Why Zapcat?


This page explains why Zapcat exists and what problem it attempts to address.

Technical Reasons

Using Zapcat instead of the many available command line utilities to query JMX saves resources on the monitored machine. Zapcat runs inside the JVM and there is no need to start a separate process for each JMX query.

In the case of Zabbix, it also removes the need to configure and maintain each of the agents to understand JMX. Instead, Zapcat acts as an agent itself and it has practically no configuration. All configuration is done inside Zabbix. This means that switching an existing Zabbix instance over from using command line utilities not only saves machine resources, but it also saves you time.

Developers and System Administrators

When Sun announced that JMX would be a standard part of the Java platform I was excited. This would allow Java developers to instrument their applications and system administrators to use that instrumentation to monitor Java applications using their existing tools and knowledge. JMX would be shared between all the parties involved in building and running serious applications.

Today, a few years after Sun has come through on her promise, JMX has not taken the flight that I had hoped and expected it would. The worlds of the developers and system administrators are still safely separated. Co-operation often takes the form of to and fro demands, design documents and acceptance criteria.

What I believe goes wrong here is that each world is trying to solve the complex problem of monitoring applications while staying in their own domain. Each party remains true to the language spoken in their kingdom, demanding that the other party closes the gap. The Java developers build tools that look and act like monitoring tools, and the system administrators script away at the application’s log files to gather the statistics they think may be important.

Closing the Gap

I have no illusion that Zapcat might close the philosophical gap between developers and system administrators. What I hope to achieve is that here and there, developers and system administrators find that Zapcat helps them work more closely, and that it helps them deliver a better experience for their end users.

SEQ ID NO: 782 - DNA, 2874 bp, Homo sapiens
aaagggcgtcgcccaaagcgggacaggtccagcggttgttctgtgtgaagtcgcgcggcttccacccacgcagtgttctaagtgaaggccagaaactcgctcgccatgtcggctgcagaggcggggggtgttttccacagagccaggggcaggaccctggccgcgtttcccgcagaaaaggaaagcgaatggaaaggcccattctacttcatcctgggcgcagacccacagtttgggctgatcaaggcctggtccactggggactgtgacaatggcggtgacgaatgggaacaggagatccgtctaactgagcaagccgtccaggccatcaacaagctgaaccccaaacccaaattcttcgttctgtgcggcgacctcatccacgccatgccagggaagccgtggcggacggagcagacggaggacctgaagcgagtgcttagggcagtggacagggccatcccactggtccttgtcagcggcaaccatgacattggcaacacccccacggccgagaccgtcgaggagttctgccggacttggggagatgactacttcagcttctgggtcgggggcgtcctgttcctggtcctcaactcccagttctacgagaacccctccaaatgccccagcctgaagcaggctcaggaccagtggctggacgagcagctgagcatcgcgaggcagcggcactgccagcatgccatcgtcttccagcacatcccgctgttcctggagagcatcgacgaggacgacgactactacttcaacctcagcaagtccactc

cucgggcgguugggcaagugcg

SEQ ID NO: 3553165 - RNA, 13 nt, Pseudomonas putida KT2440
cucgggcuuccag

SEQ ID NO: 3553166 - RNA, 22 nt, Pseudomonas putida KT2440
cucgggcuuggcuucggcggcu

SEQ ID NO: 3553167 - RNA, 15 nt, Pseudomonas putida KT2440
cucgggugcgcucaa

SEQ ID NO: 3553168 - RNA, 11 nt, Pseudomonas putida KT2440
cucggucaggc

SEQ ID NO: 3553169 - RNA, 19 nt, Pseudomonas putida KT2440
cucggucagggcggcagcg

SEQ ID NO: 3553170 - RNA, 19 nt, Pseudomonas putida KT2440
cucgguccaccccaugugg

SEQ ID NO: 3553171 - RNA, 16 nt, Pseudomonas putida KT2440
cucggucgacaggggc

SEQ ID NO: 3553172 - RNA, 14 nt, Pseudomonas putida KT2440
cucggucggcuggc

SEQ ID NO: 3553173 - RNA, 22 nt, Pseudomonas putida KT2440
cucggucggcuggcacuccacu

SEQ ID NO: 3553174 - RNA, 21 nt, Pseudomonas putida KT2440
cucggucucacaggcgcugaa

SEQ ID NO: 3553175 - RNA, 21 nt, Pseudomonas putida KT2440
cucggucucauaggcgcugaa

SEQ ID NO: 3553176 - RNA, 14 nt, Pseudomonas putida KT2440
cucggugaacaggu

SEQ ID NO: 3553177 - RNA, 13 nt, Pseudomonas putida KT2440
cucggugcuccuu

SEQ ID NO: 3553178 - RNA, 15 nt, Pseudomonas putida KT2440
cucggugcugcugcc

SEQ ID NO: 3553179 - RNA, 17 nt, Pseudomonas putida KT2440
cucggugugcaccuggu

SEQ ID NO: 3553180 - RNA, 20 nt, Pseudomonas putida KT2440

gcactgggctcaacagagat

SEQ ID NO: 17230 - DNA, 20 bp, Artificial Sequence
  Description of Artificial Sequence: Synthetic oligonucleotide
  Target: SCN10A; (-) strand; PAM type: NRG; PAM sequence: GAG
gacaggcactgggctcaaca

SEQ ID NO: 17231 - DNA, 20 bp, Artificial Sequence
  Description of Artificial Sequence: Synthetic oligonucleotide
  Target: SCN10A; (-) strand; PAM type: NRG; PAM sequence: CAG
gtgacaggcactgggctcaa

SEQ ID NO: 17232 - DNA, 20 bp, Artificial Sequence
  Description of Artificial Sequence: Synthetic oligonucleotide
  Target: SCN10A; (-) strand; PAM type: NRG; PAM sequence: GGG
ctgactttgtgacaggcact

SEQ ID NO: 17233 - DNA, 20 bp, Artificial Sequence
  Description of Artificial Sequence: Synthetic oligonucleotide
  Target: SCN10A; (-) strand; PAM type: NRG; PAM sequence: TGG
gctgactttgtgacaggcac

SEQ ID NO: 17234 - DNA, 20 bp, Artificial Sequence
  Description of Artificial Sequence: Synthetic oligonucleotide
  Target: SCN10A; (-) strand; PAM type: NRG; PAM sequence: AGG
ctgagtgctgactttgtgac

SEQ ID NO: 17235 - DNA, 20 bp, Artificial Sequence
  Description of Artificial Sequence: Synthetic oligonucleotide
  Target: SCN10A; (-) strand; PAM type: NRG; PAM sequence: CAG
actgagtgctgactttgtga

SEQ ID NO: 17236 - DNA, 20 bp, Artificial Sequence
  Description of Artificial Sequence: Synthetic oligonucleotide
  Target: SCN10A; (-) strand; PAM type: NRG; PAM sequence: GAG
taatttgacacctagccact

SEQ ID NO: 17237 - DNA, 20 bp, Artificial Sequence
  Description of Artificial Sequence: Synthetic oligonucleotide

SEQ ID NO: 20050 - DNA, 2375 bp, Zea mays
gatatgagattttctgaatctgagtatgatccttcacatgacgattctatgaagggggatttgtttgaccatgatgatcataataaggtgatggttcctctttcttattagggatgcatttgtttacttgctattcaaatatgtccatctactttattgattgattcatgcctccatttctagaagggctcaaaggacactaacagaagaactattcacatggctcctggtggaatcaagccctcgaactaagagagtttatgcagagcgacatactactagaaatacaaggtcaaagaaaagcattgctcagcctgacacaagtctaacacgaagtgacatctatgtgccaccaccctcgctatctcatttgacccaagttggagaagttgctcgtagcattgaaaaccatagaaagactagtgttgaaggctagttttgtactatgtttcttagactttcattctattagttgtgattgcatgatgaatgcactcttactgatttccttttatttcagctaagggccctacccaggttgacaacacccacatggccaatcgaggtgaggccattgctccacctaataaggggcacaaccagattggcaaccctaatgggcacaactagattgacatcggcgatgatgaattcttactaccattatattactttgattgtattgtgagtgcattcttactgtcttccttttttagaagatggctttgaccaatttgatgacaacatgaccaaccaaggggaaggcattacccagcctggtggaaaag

To achieve that, I have designed Zapcat to straddle the two worlds. On one end, it is a simple Java object that uses standard Java API’s and blends well into web applications. On the other end it speaks the protocols that Zabbix uses to gather statical data. On top of Zapcat sits JMX as a common language to speak.

Co-operating Using Zapcat

When Zapcat is introduced into a project, Java developers and system administrators get a common enemy: JMX and its arcane syntax.

For Java developers, the introduction of Zapcat means that they will have to learn about JMX beyond the tired old ‘hello world’ mbean. They will have to start thinking about what statistics say something about the wellness of their application.

For system operators, this also means learning about JMX. They will have to learn what data actually makes sense to look at when it comes to monitoring a Java application.

On the plus side, both parties will find it easier to talk about the application. JMX serves as the common vocabulary. It is up to the participants to hone the language and make it work for them.

Obviously, what does not count as co-operation is system administrators ordering the developers to deliver a design document that states what attributes on what beans should be monitored. The same goes for Java developers stating that monitoring the application is now completely outside their responsibility “because it has JMX”.

Applications are complex beasts and there is only one way to get them to run smoothly for extended periods of time. You’ll have to combine the experience of the system administrators with the in-depth knowledge that the Java developers have. There is not a tool in the world that can replace actually sitting down and listening to one another.

photo: Sanja Gjenerohttp://www.sxc.hu/profile/lusi
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